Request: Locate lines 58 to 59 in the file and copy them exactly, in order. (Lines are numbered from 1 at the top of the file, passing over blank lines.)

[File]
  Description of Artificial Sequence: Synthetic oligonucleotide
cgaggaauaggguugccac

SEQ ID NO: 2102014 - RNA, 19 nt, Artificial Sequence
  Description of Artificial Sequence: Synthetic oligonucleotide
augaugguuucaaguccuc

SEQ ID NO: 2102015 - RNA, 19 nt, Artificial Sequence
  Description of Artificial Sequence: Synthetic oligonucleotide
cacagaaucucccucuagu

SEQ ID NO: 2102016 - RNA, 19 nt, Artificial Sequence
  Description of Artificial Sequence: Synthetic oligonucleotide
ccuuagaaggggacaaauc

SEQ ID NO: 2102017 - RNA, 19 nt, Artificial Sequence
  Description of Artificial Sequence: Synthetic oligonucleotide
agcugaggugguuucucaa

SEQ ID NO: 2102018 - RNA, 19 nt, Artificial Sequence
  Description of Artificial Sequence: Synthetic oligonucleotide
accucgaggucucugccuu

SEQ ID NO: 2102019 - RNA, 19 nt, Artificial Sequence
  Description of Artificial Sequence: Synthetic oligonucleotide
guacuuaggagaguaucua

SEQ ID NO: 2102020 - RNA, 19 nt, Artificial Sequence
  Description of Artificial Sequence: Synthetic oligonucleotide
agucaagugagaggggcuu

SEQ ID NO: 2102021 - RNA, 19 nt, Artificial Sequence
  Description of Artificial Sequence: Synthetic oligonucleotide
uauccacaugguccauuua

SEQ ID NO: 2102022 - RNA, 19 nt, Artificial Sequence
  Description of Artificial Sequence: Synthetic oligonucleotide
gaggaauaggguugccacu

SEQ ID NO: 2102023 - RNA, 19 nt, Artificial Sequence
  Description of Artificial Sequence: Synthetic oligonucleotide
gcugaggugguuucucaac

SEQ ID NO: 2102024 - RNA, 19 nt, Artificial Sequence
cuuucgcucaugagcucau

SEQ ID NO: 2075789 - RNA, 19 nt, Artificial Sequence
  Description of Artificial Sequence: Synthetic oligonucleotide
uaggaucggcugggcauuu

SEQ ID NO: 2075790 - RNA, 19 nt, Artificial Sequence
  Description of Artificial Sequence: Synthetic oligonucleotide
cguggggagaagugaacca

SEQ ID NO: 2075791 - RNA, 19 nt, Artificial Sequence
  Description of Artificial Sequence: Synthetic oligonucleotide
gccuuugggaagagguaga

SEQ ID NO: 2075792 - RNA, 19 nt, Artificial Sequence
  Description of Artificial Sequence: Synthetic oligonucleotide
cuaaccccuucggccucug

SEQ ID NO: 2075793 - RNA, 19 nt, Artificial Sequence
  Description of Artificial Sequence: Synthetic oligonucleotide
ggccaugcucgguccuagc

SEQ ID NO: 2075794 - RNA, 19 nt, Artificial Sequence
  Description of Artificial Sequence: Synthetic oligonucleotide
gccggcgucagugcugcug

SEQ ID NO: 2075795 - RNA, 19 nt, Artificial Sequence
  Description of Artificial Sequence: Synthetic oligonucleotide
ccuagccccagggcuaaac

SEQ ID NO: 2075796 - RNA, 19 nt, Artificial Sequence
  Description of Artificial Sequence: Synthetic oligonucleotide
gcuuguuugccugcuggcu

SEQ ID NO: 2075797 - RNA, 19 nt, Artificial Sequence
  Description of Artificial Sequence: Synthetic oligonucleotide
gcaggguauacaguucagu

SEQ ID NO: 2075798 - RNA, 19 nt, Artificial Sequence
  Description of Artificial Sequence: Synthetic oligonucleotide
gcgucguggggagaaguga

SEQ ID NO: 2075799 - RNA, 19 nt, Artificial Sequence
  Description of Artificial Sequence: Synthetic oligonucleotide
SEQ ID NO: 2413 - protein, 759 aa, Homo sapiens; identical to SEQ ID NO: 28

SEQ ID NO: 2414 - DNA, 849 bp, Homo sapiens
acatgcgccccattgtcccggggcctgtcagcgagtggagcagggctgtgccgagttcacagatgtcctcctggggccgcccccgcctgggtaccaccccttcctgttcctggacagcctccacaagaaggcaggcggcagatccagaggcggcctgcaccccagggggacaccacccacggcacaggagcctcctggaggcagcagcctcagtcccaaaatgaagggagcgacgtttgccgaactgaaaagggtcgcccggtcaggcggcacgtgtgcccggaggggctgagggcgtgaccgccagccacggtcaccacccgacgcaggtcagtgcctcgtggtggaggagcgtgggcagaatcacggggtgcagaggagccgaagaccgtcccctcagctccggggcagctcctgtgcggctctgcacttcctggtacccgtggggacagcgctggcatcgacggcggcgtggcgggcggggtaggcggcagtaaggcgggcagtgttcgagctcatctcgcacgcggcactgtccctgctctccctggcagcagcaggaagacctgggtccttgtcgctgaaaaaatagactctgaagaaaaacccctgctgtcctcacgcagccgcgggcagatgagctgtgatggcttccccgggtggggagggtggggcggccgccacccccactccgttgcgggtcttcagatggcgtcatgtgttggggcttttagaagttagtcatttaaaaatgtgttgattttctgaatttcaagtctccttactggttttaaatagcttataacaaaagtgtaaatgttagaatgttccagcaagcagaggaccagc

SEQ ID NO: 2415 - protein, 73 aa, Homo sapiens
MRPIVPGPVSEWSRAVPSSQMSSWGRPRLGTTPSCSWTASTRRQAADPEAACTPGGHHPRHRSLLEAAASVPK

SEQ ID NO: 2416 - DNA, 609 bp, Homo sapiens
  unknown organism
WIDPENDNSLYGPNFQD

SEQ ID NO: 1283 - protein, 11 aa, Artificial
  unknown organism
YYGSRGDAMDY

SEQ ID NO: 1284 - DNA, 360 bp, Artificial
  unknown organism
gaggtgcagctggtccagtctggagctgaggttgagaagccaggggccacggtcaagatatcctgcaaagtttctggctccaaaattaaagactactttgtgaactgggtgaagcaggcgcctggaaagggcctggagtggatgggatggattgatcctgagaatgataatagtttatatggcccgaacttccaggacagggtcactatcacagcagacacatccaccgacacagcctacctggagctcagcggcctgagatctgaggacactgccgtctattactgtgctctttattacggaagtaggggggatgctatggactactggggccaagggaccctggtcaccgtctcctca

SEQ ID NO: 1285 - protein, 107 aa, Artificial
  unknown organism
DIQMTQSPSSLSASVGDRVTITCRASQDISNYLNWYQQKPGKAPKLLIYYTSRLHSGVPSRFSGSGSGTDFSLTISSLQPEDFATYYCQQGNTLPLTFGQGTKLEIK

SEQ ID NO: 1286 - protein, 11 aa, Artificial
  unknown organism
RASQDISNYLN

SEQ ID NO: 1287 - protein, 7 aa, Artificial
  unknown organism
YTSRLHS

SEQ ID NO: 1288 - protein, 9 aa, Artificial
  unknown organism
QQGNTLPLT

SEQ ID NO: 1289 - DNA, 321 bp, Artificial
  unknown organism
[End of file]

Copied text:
gcuuguuugccugcuggcu

SEQ ID NO: 2075797 - RNA, 19 nt, Artificial Sequence